Using Perl in Adaptive CLI

If you need conditional logic that goes beyond simple scripting, you can use Perl in Adaptive CLI. The example below checks to see if a String Attribute is empty (null) or not. If the String attribute (ShowCmdString) has content, the show command with ShowCmdString as a parameter goes to the device. Otherwise, the Perl script skips or excludes this statement.

Embedded CLI Example:

[IF ShowCmdString]

Show [ShowCmdString]

[ENDIF ShowCmdString]

You could use the CLI format for the above example, but if you need to check attributes of other types, besides String, then you must switch to Perl. For example:

Boolean myFlag equals True:

if ($myFlag)

{

     …

}

Integer myInt greater than zero:

Example:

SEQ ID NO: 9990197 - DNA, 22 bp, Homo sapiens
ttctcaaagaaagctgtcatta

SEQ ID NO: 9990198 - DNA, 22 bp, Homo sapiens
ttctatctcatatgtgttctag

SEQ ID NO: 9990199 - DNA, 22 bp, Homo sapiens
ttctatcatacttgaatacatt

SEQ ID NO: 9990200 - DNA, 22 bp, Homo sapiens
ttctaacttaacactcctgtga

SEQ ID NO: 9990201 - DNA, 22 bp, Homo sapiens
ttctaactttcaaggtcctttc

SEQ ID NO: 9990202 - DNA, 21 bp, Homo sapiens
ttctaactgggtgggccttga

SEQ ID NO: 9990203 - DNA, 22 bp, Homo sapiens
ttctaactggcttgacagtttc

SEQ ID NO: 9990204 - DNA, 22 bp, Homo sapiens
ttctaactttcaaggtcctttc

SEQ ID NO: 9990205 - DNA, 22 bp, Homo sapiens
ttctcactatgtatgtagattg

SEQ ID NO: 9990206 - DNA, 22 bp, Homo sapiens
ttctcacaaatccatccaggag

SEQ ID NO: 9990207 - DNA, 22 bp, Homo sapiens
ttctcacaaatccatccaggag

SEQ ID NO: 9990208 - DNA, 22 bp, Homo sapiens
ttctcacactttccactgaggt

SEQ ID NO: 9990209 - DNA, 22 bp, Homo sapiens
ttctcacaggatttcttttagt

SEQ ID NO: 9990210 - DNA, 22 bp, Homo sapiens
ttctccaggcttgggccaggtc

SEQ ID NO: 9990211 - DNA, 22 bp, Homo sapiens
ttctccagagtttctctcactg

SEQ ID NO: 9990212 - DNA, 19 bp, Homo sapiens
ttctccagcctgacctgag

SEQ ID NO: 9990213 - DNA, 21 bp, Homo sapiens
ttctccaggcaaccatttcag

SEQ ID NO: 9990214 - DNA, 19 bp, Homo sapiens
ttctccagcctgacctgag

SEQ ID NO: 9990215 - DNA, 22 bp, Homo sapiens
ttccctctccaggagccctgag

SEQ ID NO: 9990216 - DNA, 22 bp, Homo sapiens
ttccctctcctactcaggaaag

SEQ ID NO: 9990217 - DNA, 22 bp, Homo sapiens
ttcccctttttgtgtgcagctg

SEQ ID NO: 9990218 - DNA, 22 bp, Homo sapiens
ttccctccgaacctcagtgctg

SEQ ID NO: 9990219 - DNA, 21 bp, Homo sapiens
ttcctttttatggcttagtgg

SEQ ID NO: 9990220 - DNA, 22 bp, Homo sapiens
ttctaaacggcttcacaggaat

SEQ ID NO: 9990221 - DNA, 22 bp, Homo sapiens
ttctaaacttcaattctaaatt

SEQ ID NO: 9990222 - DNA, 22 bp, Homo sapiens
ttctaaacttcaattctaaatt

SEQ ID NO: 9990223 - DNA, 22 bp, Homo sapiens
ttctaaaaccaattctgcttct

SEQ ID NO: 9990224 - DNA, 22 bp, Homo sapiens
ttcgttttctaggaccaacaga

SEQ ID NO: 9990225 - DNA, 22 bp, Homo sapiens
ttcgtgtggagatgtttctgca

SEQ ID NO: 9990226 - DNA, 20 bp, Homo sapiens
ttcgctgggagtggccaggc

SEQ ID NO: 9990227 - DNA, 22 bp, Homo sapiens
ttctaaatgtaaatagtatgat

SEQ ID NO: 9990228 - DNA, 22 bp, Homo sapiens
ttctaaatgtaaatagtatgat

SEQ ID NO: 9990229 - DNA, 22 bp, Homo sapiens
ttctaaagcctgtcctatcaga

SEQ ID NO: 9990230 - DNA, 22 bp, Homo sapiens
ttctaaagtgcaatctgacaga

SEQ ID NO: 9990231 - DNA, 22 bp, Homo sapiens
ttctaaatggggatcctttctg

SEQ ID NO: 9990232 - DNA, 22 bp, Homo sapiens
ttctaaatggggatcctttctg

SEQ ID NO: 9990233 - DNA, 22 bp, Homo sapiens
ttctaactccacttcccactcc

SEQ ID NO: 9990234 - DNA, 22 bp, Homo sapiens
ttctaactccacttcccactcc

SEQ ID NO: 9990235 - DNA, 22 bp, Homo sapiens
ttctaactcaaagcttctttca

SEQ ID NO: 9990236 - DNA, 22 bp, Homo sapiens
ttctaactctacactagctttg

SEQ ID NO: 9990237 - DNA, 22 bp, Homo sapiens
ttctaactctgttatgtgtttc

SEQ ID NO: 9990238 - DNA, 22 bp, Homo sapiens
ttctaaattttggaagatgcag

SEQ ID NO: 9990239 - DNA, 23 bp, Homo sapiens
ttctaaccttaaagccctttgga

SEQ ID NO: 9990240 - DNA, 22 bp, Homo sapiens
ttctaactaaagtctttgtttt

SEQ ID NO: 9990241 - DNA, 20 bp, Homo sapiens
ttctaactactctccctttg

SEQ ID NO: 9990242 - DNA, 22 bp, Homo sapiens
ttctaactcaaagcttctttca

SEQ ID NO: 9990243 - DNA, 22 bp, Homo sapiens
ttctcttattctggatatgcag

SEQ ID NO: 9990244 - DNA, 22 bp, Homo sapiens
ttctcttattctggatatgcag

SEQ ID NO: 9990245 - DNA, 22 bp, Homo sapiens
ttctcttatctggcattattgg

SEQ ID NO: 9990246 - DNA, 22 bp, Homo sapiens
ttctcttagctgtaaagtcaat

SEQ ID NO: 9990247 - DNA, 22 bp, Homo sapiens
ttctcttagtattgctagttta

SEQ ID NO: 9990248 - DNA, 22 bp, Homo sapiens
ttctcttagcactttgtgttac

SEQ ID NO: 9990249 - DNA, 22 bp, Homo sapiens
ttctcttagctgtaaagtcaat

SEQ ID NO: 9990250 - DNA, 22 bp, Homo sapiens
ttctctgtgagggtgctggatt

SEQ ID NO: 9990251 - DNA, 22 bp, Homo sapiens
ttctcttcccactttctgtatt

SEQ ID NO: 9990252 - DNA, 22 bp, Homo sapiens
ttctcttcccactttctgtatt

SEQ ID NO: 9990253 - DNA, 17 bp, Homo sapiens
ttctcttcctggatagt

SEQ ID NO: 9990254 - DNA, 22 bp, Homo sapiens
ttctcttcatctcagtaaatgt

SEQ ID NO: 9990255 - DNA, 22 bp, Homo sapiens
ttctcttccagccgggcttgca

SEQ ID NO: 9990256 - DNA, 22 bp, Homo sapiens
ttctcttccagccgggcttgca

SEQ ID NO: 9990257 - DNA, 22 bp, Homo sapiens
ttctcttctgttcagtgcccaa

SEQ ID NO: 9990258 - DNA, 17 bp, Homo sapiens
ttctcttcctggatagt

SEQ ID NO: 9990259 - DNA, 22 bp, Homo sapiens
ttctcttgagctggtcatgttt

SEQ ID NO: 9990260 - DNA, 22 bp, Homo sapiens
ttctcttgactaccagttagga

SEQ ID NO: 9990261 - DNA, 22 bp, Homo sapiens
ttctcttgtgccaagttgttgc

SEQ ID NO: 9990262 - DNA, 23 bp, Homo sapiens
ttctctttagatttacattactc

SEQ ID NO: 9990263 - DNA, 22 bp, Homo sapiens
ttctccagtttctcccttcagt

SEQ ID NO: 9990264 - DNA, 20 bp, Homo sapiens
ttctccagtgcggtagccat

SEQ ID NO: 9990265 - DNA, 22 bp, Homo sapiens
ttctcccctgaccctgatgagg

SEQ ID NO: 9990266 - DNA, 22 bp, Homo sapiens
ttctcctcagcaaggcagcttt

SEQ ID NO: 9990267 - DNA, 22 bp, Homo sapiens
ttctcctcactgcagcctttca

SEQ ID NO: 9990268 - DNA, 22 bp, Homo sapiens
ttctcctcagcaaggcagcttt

if ($myInt > 0)

{

     …

}

To check whether a string is a particular value--like from a valid values list entry assigned to the String attribute--then you must also use Perl. The CLI format only can test if the String exists. It cannot validate its value when populated. For example: EncapsulationType = “VLAN-CCC”, “VLAN-TCC”, … You can not do this check with the CLI Format: [IF EncapsulationType = “VLAN-TCC”]. Instead, use a Perl script with a statement like this:

If ($EncapsulationType  eq  “VLAN-TCC”)

{

     print “set encapsulation $EncapsulationType\n”;

}

If any attributes in your script are a List (Collection), the only way to loop through the list’s items during the Adaptive CLI execution is to use Perl. For example: Processing a List of Strings:

$count = 0;

foreach @MyCommandList)

{

   print (“$MyCommandList[$count]\n”);

   $count++

}